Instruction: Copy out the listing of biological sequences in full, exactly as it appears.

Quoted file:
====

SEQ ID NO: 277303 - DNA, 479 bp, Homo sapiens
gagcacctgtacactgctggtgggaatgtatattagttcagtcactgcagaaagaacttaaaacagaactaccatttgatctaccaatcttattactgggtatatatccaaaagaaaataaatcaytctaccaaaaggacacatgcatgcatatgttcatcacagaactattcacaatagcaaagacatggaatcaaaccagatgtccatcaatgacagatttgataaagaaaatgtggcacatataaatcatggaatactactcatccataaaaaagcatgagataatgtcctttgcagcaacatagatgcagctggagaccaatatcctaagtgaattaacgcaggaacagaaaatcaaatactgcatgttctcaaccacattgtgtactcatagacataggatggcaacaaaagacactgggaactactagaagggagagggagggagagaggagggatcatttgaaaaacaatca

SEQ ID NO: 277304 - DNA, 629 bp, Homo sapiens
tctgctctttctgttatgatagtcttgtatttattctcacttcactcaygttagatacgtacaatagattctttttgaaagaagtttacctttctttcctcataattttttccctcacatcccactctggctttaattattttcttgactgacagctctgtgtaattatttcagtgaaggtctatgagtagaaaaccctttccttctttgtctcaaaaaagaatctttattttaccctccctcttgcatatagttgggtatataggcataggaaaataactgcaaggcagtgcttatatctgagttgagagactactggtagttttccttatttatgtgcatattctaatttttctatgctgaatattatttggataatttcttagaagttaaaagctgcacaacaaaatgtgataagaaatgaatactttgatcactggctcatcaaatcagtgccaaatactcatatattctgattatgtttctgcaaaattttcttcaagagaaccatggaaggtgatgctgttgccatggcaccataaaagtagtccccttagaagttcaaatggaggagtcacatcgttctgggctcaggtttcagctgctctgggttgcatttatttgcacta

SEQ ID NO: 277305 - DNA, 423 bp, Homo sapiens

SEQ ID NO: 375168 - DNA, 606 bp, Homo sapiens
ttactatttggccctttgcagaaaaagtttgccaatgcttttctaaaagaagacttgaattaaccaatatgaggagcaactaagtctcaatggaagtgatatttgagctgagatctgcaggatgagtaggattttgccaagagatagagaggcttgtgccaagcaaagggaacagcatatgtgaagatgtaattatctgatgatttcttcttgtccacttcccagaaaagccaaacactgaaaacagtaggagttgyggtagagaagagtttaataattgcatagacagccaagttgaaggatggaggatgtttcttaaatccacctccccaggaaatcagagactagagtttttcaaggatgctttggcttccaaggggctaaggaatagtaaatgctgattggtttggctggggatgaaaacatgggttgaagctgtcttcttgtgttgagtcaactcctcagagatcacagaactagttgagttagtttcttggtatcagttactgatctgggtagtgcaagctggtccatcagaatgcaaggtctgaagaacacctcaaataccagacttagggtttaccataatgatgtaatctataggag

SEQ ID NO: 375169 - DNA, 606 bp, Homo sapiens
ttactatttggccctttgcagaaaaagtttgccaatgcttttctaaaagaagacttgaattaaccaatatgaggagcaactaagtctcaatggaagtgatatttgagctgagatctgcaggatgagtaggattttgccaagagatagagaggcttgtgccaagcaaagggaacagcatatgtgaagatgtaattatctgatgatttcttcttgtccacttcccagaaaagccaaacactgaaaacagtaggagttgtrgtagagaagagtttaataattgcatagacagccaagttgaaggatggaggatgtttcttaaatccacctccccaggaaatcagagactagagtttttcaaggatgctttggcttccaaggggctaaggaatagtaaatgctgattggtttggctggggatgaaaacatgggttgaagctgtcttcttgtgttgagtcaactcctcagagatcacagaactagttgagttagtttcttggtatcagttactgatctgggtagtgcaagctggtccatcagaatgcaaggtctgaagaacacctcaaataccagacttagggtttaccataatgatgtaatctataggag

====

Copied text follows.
SEQ ID NO: 277303 - DNA, 479 bp, Homo sapiens
gagcacctgtacactgctggtgggaatgtatattagttcagtcactgcagaaagaacttaaaacagaactaccatttgatctaccaatcttattactgggtatatatccaaaagaaaataaatcaytctaccaaaaggacacatgcatgcatatgttcatcacagaactattcacaatagcaaagacatggaatcaaaccagatgtccatcaatgacagatttgataaagaaaatgtggcacatataaatcatggaatactactcatccataaaaaagcatgagataatgtcctttgcagcaacatagatgcagctggagaccaatatcctaagtgaattaacgcaggaacagaaaatcaaatactgcatgttctcaaccacattgtgtactcatagacataggatggcaacaaaagacactgggaactactagaagggagagggagggagagaggagggatcatttgaaaaacaatca

SEQ ID NO: 277304 - DNA, 629 bp, Homo sapiens
tctgctctttctgttatgatagtcttgtatttattctcacttcactcaygttagatacgtacaatagattctttttgaaagaagtttacctttctttcctcataattttttccctcacatcccactctggctttaattattttcttgactgacagctctgtgtaattatttcagtgaaggtctatgagtagaaaaccctttccttctttgtctcaaaaaagaatctttattttaccctccctcttgcatatagttgggtatataggcataggaaaataactgcaaggcagtgcttatatctgagttgagagactactggtagttttccttatttatgtgcatattctaatttttctatgctgaatattatttggataatttcttagaagttaaaagctgcacaacaaaatgtgataagaaatgaatactttgatcactggctcatcaaatcagtgccaaatactcatatattctgattatgtttctgcaaaattttcttcaagagaaccatggaaggtgatgctgttgccatggcaccataaaagtagtccccttagaagttcaaatggaggagtcacatcgttctgggctcaggtttcagctgctctgggttgcatttatttgcacta

SEQ ID NO: 277305 - DNA, 423 bp, Homo sapiens

SEQ ID NO: 375168 - DNA, 606 bp, Homo sapiens
ttactatttggccctttgcagaaaaagtttgccaatgcttttctaaaagaagacttgaattaaccaatatgaggagcaactaagtctcaatggaagtgatatttgagctgagatctgcaggatgagtaggattttgccaagagatagagaggcttgtgccaagcaaagggaacagcatatgtgaagatgtaattatctgatgatttcttcttgtccacttcccagaaaagccaaacactgaaaacagtaggagttgyggtagagaagagtttaataattgcatagacagccaagttgaaggatggaggatgtttcttaaatccacctccccaggaaatcagagactagagtttttcaaggatgctttggcttccaaggggctaaggaatagtaaatgctgattggtttggctggggatgaaaacatgggttgaagctgtcttcttgtgttgagtcaactcctcagagatcacagaactagttgagttagtttcttggtatcagttactgatctgggtagtgcaagctggtccatcagaatgcaaggtctgaagaacacctcaaataccagacttagggtttaccataatgatgtaatctataggag

SEQ ID NO: 375169 - DNA, 606 bp, Homo sapiens
ttactatttggccctttgcagaaaaagtttgccaatgcttttctaaaagaagacttgaattaaccaatatgaggagcaactaagtctcaatggaagtgatatttgagctgagatctgcaggatgagtaggattttgccaagagatagagaggcttgtgccaagcaaagggaacagcatatgtgaagatgtaattatctgatgatttcttcttgtccacttcccagaaaagccaaacactgaaaacagtaggagttgtrgtagagaagagtttaataattgcatagacagccaagttgaaggatggaggatgtttcttaaatccacctccccaggaaatcagagactagagtttttcaaggatgctttggcttccaaggggctaaggaatagtaaatgctgattggtttggctggggatgaaaacatgggttgaagctgtcttcttgtgttgagtcaactcctcagagatcacagaactagttgagttagtttcttggtatcagttactgatctgggtagtgcaagctggtccatcagaatgcaaggtctgaagaacacctcaaataccagacttagggtttaccataatgatgtaatctataggag